Search This Site.

Florida employer forcing me to return to full-time work after being part-time

by Angie
(Florida)

I currently work 3 days a week (24 hours) and have family take care of my two young children while at work. I have been with the company 12 1/2 years. In January 2008, I came back from FMLA as a part time employee. Employer is now stating I must return to full time due to workload. However, I am unable to find suitable childcare for my children the other two days I would be returning. I have also been told I would occasionally have to work long hours (long past a standard daycare's operating schedule). Would I be eligible to claim unemployment in Florida?



Hi Angie,

I'm not sure. Florida does not have a part-time worker provision that I'm aware of, but I do know that the issue is interpreted.

So what's the problem? Florida does not have any information that explains how their unemployment law has been interpreted.

In some states it has been difficult for people that have a history of part-time work only to be able to collect and here's the part that I think will be the problem for you.

Without a provision that allows you to collect unemployment on part-time wages and allows you to only search for part-time work the normal stance of a state is that you can only collect the benefits if you make yourself available for full-time work.

In other words if you quit because the work will now be full-time it would probably not be with good cause .. since that is what you have to make yourself available for to collect unemployment.

The possibility lies in the
fact that you have been working part-time for almost two years now and the employer is offering you an ultimatum which changes the conditions.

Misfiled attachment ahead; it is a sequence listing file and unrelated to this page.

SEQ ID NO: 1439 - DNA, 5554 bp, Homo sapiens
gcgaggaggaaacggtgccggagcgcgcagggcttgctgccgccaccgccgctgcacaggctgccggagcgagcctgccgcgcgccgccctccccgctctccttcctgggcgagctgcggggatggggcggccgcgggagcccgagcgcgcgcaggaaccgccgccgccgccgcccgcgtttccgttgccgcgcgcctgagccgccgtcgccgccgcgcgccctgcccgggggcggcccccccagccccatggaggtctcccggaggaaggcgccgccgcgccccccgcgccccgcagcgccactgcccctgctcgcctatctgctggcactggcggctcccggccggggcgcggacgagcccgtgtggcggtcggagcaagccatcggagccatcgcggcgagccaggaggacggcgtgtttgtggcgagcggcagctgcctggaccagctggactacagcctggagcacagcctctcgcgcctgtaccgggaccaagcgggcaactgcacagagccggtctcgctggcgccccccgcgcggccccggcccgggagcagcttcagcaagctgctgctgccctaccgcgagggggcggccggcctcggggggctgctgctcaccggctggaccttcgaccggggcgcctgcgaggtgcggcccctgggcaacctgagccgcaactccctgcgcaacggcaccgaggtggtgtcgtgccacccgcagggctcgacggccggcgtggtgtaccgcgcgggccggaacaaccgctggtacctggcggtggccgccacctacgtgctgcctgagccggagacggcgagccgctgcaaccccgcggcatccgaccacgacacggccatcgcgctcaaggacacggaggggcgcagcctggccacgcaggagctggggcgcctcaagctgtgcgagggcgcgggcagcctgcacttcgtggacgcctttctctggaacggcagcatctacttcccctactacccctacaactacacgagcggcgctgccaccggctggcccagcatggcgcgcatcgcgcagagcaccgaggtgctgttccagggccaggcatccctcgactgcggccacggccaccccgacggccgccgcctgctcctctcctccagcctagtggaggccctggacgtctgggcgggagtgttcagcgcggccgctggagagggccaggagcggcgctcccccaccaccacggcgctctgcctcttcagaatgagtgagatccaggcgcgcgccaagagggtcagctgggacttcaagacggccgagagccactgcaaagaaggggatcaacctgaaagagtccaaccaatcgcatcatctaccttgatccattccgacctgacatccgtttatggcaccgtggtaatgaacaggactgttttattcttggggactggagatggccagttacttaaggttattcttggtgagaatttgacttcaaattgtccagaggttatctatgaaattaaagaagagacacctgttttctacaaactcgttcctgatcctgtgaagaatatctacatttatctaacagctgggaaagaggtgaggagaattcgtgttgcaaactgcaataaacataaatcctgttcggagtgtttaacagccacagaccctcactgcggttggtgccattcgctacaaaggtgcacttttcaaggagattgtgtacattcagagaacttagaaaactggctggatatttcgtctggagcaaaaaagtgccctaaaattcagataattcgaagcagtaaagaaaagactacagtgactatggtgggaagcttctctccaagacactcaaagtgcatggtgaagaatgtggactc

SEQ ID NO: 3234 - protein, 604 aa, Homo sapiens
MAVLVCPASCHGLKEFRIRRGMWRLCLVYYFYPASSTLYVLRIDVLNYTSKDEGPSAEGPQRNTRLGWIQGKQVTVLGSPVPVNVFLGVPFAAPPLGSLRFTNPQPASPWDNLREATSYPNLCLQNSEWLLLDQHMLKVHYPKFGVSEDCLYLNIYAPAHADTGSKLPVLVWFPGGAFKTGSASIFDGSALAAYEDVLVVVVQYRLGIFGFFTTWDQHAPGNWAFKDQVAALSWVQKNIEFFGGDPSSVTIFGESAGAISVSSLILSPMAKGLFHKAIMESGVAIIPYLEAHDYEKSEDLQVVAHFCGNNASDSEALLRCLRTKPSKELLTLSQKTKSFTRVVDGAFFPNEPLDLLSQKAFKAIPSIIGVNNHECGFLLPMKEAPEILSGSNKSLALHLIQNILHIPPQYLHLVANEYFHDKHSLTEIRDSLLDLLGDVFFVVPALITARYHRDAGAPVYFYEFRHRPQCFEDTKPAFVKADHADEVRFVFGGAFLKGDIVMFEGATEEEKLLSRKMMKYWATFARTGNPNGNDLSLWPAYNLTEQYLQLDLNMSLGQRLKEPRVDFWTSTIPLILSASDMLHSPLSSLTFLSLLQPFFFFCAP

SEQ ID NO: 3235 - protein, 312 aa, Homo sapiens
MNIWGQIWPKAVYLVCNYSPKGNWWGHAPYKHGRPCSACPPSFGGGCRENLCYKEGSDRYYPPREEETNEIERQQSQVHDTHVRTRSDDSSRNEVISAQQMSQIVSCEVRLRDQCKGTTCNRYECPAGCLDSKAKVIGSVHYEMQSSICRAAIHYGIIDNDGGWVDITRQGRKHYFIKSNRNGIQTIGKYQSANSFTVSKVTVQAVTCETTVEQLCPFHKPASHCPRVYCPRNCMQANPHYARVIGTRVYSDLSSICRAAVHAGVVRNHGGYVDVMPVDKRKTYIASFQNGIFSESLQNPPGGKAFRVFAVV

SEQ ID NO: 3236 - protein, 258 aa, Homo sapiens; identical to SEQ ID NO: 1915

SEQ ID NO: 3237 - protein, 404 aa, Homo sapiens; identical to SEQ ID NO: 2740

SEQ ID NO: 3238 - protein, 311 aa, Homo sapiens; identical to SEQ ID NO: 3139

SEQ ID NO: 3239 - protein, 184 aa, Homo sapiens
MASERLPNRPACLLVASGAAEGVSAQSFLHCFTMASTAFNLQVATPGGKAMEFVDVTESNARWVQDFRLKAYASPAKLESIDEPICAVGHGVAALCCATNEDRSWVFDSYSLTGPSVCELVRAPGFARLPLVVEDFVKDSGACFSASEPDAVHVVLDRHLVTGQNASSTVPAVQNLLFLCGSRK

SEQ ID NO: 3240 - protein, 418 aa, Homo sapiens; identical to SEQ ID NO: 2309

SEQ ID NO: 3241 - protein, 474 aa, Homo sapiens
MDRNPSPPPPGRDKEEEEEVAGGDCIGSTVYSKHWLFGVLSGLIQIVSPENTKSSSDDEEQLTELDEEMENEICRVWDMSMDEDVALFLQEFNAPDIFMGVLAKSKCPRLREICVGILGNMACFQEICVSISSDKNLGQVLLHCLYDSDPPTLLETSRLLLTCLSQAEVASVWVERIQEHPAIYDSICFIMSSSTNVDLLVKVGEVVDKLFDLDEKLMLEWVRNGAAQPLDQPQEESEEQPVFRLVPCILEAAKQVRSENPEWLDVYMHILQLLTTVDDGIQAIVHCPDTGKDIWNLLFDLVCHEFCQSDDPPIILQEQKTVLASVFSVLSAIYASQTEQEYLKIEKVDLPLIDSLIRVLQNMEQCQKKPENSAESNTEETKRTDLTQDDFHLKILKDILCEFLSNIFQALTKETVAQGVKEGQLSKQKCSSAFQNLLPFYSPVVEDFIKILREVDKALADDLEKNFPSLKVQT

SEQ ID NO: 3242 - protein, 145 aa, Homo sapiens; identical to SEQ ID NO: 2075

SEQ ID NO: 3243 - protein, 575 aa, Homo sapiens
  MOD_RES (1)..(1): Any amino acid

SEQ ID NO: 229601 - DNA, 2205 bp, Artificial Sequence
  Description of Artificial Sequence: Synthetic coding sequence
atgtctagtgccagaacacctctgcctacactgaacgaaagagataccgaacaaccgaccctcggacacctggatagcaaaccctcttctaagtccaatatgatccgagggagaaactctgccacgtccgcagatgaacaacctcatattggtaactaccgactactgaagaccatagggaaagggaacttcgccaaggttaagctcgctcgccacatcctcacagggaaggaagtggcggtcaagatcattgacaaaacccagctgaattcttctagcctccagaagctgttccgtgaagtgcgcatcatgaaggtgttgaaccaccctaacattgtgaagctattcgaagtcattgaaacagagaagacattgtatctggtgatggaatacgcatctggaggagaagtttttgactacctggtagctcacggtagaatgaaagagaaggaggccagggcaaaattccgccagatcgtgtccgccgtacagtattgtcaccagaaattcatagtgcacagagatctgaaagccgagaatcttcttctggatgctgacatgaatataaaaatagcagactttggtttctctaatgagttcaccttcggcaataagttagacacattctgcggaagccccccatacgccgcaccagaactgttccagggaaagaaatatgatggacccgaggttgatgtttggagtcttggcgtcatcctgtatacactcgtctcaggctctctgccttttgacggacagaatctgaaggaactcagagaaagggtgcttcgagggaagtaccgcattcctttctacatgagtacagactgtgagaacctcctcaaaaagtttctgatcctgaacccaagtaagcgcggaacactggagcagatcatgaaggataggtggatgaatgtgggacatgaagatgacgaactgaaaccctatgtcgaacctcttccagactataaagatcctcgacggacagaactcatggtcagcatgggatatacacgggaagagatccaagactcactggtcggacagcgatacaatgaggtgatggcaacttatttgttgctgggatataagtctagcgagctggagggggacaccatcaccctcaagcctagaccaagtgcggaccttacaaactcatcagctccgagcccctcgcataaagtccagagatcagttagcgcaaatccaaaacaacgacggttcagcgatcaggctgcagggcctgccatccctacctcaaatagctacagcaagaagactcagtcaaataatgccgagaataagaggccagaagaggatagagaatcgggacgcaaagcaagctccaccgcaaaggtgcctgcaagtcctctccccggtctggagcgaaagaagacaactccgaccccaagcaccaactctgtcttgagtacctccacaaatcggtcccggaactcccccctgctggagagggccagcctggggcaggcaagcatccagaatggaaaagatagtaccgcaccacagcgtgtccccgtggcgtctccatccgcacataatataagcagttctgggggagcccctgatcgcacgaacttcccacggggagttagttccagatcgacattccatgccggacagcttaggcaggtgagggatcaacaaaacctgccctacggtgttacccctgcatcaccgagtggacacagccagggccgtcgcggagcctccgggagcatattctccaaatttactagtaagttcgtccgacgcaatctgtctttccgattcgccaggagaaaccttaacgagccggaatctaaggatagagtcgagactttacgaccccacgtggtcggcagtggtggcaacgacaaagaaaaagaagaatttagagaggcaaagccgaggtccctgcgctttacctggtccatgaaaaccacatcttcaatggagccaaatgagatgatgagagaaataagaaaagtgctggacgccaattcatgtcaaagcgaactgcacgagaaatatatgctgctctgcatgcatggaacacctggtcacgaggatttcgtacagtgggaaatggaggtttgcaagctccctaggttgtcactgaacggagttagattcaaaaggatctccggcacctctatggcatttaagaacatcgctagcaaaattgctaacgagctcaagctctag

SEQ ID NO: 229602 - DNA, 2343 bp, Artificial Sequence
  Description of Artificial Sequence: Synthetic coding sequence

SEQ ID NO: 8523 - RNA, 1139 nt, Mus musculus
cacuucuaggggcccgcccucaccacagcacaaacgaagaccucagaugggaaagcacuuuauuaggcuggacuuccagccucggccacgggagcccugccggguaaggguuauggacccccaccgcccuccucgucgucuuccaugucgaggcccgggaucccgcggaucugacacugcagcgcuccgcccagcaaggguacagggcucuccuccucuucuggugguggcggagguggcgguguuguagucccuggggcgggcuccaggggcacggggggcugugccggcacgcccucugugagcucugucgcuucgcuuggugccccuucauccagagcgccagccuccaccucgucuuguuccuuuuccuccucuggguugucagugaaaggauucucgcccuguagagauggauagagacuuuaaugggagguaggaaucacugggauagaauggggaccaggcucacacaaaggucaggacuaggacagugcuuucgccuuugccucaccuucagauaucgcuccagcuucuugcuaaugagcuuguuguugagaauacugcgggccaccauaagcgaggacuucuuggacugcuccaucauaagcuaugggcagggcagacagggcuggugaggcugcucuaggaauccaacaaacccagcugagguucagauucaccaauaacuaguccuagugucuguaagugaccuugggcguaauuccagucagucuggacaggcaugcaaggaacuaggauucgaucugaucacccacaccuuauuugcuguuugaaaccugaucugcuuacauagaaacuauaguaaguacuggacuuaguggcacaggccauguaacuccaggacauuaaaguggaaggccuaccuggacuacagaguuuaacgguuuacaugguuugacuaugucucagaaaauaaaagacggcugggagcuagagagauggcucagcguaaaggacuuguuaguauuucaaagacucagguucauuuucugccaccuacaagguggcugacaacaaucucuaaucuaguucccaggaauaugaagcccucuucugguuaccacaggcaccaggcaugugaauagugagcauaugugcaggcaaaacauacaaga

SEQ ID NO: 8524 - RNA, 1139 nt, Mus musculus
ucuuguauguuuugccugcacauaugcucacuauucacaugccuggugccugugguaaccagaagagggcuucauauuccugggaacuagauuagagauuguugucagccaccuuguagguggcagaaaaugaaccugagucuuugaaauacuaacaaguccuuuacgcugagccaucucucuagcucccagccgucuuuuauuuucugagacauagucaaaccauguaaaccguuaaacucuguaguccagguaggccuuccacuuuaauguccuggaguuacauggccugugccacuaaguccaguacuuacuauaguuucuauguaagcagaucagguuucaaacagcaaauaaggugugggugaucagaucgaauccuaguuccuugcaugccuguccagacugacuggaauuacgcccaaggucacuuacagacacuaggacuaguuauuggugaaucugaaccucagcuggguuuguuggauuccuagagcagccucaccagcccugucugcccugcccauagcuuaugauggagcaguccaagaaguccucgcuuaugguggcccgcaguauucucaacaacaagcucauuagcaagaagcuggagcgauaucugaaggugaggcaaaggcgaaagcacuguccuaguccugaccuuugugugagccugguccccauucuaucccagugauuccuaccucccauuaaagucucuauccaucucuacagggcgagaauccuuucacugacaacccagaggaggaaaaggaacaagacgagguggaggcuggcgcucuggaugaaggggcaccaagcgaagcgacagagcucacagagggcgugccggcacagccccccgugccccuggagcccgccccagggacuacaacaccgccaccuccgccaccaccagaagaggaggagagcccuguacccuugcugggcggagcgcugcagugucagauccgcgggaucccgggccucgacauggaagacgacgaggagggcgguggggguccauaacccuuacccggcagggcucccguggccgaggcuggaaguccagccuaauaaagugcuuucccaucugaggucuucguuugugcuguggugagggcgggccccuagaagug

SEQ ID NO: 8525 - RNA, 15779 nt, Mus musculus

Your issue is childcare, but since a quit must be attributable to the work the reason for quitting must be because the employer will not work with you on the childcare issue. Your objection sounds like it is to the extra long hours on some days .. overtime.

You would have to establish that you sought all reasonable alternatives to quitting. Asking the family that now takes care of your children 3 days a week to pick the kids up and care for them on those extra long days, call a number of daycares to inquire about their hours, find out the cost of the daycare.

Present the information to the employer and tell them you are willing to work fulltime, but you need an accommodation from them for this personal problem you can't overcome.

I've made an assumption that you are a single parent??

Present this information to the employer.

You must exhaust all alternatives available to you first and then turn to the employer to help you stay employed. It is the employer that you must be able to point at as the culprit that caused the quit.

Understand? And then you need to provide some proof to the state that you did exhaust all alternatives and did make efforts with the employer so that you could manage working full-time again.

You are eligible to claim, but getting them is something altogether different.

By the way, this was not a general question about unemployment:)

Click here to post comments

Return to Unemployment Benefits Questions.

} }